Bell Canada asks Canadians for permission to harvest and sell their browsing, location, viewing and other data


#1

Originally published at: https://boingboing.net/2019/01/09/evil-step-ma-bell.html


#2

#3

How nice of them to ask. What are the odds that the answers will be thrown in the trash and they’ll just collect all the data on everybody?


#4

Not as good as the odds that they’ve already been doing it and don’t ever stop.


#5

Was thinking the same


#6

I keep hearing companies push this “better ads” line, as if that’s some kind of benefit to the consumer. Are there really people out there clamoring for more tailored ads? Is that supposed to be a selling point?

Tailored ads are creepy AF.


#7

They shouldn’t do an opt out program.

They should pay us if they want to track us, on an opt in basis.


#8

I thought it was always better to apologize…


#9

In exchange, they promise to tailor ads and promos.

Answer is a cheery: “No thanks, I use ad blockers so I don’t see any of that useless garbage!”

Not that it will matter. Like any other North American ISP, they’ll suck in that data whether or not you give permission.


#10

It is Opt in.


#11

I am a very private person that lives in the world of data and software and don’t understand how this story is not a positive thing instead of negative. Them skirting the Canadian laws about aquisitions is certainly bad, and their claimed bad service is self evident. But a telecom, for the first time that I can remember, is asking for permission to use your personal data that they already have is a good thing and not a bad one. At the very least it is a step in the right direction.

If you want to write a good story about egregious data collection then just call Chase credit card’s customer service line 1-877-242-7372 and listen to their warning that your voice will be used for future identification. You can opt out, but only of them using the voice print they just created for id over the phone but cant opt out of the creation of the ID. They will also, not delete it. I had to call in several times with heavily altered voices to poison their voice print of me because there is no alternative.


#12

Yeah, but it’s opt in for them to sell something valuable of yours for no remuneration.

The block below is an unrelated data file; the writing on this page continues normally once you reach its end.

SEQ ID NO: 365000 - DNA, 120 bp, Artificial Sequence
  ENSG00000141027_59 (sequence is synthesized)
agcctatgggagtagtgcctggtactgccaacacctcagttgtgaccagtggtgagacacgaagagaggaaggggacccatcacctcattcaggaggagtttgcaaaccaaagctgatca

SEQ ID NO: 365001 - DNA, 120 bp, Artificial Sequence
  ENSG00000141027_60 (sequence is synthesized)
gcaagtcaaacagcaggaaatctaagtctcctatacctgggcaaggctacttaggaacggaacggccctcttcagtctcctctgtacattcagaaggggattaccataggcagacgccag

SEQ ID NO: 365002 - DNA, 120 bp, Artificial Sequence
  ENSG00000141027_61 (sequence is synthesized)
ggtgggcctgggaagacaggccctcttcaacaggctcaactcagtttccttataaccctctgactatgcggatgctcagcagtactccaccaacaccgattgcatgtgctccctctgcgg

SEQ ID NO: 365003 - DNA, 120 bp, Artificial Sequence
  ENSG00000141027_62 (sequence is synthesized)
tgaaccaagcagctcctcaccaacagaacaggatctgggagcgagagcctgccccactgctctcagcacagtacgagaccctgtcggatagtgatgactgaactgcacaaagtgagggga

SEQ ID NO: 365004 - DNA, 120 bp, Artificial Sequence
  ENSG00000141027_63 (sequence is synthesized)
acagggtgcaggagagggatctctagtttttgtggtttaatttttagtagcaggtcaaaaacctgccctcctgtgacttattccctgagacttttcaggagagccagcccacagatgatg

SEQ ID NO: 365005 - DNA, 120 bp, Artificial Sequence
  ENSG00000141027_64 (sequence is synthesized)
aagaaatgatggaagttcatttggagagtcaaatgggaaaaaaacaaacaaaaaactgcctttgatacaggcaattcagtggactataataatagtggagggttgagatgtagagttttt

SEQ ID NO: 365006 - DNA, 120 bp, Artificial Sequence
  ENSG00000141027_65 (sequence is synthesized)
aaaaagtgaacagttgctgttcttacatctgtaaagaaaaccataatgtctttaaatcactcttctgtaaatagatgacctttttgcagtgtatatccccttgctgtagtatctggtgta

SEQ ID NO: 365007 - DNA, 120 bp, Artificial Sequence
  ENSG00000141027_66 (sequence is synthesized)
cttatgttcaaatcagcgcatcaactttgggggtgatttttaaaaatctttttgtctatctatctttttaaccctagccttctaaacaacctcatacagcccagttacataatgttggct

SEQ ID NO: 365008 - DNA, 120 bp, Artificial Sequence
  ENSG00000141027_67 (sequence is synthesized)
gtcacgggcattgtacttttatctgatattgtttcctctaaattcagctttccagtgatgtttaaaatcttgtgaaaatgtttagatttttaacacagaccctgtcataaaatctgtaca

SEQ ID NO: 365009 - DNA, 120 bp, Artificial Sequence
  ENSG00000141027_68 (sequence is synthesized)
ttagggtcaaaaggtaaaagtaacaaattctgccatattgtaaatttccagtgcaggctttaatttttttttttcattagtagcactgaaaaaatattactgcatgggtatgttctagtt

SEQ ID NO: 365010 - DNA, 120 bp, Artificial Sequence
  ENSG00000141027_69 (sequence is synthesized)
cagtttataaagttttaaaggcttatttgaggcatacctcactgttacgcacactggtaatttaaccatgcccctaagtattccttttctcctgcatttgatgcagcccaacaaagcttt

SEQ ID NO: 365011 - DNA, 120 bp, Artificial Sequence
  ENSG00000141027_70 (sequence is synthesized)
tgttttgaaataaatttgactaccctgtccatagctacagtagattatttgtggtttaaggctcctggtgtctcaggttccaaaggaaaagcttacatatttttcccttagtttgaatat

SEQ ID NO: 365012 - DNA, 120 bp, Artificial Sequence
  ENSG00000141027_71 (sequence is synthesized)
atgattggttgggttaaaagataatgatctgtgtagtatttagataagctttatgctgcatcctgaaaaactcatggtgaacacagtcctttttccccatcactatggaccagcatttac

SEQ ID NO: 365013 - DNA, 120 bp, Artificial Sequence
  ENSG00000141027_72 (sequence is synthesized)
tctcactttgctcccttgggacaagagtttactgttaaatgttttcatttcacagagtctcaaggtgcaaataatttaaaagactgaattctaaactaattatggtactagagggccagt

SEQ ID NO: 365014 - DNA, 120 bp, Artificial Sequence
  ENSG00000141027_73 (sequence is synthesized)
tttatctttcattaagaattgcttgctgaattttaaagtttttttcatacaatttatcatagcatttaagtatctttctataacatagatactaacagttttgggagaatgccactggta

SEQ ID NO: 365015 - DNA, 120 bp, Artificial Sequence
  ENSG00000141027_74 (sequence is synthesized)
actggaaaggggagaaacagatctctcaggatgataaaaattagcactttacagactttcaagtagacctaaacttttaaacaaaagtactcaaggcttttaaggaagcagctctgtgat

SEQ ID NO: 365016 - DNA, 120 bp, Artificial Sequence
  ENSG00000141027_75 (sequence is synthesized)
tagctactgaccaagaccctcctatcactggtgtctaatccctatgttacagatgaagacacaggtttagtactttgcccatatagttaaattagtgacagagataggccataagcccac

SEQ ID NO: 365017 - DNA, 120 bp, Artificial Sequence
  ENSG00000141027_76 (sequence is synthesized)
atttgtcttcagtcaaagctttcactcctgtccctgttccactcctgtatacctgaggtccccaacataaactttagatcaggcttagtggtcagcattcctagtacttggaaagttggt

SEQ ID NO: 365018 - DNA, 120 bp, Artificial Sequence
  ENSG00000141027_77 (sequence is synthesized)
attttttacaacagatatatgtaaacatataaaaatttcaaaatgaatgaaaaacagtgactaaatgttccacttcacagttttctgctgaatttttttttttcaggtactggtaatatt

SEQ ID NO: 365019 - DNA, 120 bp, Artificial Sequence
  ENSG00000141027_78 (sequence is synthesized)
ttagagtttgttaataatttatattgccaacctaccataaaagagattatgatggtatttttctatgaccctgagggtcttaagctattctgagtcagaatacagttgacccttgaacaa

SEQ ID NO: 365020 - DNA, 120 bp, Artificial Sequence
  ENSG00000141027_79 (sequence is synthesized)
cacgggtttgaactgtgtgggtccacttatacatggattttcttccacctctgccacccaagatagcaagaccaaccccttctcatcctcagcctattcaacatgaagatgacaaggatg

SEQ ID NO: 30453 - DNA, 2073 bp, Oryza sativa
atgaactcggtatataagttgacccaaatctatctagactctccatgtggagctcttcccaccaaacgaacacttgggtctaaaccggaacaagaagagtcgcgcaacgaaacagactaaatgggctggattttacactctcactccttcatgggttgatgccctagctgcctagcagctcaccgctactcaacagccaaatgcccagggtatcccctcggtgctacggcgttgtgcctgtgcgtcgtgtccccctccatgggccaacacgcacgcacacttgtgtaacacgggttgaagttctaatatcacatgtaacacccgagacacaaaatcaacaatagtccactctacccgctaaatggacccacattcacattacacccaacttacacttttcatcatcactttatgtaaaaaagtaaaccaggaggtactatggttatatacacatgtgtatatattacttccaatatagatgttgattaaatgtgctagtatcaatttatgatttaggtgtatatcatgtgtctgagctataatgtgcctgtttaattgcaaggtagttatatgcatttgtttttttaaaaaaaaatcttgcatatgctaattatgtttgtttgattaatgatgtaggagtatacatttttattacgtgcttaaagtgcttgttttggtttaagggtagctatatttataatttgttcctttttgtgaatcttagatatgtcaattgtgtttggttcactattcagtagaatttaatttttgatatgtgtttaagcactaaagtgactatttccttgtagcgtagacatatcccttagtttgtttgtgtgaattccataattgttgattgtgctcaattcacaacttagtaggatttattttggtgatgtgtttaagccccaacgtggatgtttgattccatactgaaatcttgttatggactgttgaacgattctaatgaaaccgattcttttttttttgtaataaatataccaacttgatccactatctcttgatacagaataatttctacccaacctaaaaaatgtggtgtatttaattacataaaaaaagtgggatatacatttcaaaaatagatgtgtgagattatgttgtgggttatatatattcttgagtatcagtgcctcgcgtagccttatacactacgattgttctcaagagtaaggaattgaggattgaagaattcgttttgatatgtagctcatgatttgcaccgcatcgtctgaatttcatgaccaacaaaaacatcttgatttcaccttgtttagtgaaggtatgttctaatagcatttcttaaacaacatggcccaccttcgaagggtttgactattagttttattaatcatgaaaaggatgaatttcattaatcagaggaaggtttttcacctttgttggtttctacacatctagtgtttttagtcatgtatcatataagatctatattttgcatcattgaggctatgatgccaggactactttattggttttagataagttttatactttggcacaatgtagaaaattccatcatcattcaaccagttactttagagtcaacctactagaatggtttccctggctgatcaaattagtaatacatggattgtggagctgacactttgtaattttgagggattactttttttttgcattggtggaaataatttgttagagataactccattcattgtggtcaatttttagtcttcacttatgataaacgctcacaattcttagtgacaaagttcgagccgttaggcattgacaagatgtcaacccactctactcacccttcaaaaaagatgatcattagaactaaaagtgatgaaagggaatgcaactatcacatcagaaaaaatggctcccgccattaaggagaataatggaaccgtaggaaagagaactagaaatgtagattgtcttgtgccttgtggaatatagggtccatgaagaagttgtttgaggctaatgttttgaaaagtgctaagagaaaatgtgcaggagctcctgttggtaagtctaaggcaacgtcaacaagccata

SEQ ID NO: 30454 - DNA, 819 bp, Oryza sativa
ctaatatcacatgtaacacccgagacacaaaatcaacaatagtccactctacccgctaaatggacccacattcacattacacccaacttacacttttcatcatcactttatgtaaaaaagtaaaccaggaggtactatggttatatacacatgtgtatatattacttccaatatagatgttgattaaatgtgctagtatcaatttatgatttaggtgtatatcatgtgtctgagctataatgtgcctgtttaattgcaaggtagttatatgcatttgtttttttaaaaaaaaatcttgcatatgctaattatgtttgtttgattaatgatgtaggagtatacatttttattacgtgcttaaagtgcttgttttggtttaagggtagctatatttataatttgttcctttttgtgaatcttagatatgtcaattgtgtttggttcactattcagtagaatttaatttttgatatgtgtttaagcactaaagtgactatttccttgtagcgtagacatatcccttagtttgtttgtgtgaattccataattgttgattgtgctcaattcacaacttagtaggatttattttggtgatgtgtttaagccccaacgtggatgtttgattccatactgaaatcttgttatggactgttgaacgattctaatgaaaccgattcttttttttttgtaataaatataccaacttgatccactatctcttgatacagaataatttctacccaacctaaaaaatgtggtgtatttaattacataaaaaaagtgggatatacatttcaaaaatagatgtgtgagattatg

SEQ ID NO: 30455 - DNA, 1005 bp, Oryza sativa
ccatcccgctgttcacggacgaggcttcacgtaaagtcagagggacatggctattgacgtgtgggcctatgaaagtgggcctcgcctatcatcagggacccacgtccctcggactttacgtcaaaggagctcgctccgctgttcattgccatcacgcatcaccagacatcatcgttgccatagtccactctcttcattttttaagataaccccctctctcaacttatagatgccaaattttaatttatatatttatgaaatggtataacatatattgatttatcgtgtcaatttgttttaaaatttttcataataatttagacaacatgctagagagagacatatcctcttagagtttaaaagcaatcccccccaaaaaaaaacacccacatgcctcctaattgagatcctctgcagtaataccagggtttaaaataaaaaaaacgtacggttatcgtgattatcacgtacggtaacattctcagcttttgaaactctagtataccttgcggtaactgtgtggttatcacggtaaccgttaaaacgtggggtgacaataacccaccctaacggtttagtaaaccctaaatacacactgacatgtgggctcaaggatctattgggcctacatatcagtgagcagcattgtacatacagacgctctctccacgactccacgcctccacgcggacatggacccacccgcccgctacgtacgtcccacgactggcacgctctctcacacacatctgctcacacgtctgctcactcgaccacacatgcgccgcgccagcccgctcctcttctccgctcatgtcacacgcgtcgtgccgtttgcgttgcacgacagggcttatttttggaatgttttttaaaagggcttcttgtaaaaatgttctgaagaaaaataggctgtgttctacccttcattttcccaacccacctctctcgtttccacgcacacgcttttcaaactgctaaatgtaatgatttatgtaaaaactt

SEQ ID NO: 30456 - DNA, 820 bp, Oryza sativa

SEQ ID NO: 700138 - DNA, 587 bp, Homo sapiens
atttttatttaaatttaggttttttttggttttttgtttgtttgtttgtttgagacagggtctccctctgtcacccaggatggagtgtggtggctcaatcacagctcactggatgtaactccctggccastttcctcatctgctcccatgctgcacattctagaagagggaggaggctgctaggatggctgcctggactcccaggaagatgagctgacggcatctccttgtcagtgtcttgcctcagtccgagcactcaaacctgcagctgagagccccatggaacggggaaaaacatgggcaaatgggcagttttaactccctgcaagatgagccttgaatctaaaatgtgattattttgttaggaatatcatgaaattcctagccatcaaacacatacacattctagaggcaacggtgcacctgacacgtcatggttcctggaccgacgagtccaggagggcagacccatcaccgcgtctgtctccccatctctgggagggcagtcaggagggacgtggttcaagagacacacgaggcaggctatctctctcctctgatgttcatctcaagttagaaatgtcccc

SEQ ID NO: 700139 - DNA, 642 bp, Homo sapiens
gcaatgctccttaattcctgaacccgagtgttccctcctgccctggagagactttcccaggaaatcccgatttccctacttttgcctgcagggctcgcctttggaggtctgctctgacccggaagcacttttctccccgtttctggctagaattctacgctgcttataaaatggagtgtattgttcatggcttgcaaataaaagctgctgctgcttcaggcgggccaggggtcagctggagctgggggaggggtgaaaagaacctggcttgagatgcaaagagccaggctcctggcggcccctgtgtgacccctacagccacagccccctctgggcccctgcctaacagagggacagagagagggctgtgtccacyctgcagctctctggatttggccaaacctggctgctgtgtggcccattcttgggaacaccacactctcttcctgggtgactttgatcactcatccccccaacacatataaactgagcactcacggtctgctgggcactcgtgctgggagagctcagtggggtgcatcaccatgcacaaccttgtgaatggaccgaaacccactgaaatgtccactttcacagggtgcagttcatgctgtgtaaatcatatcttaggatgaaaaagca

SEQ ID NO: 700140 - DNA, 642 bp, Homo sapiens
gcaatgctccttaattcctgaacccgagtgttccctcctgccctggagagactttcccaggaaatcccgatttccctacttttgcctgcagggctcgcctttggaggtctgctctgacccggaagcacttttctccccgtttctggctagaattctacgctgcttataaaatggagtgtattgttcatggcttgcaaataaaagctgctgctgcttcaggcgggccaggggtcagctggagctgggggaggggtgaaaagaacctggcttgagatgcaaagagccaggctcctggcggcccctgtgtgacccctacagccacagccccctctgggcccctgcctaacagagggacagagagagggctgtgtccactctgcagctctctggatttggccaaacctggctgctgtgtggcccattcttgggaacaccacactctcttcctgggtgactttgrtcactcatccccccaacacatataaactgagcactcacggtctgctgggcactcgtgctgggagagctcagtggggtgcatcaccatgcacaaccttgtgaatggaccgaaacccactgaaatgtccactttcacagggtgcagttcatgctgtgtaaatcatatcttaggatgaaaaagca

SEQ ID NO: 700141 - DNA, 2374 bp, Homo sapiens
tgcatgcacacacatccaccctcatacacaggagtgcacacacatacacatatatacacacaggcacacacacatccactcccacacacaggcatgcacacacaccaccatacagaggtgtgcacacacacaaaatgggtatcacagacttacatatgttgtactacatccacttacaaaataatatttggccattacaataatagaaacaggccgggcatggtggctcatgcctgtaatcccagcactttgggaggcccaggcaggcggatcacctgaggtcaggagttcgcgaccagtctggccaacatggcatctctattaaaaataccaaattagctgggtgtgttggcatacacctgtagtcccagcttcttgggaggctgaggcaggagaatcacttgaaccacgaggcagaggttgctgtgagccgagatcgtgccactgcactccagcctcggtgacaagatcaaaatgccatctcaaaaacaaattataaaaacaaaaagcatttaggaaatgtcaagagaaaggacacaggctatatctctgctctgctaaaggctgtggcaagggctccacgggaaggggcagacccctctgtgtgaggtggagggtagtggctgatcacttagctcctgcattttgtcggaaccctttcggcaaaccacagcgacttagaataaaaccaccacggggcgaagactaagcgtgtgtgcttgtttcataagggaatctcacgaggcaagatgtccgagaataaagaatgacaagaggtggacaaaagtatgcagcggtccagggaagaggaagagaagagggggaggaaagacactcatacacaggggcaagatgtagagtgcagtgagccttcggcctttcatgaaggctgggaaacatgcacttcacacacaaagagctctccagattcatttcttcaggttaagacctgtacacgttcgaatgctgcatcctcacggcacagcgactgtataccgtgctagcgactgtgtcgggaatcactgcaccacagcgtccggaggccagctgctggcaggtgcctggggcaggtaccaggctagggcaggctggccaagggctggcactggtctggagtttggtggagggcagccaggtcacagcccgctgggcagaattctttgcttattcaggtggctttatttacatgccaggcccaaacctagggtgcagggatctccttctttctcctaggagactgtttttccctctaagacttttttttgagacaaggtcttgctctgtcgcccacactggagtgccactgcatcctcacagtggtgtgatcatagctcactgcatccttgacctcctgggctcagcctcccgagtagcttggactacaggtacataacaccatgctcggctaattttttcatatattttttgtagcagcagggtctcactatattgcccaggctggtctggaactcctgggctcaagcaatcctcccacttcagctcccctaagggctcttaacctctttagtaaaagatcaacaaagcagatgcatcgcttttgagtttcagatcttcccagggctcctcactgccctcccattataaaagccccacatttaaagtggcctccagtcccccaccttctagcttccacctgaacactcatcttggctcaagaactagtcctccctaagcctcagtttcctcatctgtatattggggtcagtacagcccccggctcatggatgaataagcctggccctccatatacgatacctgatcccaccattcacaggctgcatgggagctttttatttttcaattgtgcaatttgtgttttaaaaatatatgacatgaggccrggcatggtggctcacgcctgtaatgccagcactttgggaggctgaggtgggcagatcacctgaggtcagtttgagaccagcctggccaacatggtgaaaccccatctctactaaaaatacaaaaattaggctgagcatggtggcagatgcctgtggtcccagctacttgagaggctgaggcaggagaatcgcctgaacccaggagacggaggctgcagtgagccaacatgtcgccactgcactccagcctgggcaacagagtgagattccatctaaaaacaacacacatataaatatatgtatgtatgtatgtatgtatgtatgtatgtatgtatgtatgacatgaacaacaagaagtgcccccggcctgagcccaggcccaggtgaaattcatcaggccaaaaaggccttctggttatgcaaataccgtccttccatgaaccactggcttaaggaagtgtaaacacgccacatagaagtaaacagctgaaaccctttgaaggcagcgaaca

#13

Indeed. Every transaction is fine by me so long as it’s opt in. I get offerd bad deals all the time and simply refuse them.


#14

That’s a low? Asking? I don’t get it. How is asking a bad thing? Shouldn’t we encourage companies asking instead of just doing? Seems to me that they are trying to do the right thing in a clumsy way.


#15

I still doubt whether or not you give permission will have an impact on what they do.


#16

OK. You can speculate if you like. But it’s just speculation without any substance. Why not watch closely and if they are found to be collecting data on people who didn’t opt in that would seem to me to be a better time to be upset.


#17

Sure, but that’s a separate question from whether they should be asking before doing in the first place. And I imagine it’ll be a lot easier for someone to convince a court (or, more probably, an arbitration panel) that the company has done something wrong if (or, more probably, when) the company shares that person’s data despite the person not having opted in. Put another way, the existence of this opt-in agreement is evidence—an on-the-record acknowledgement that the company knows it’s not supposed to share data without permission.


#18

Bell Canada asks Canadians for permission to harvest and sell their browsing, location, viewing and other data

You seem to have misspelled “organs”.


#19

Maybe you should vote with your feet, and get a different credit card, from a tiny local bank or, better yet, a credit union.


#20

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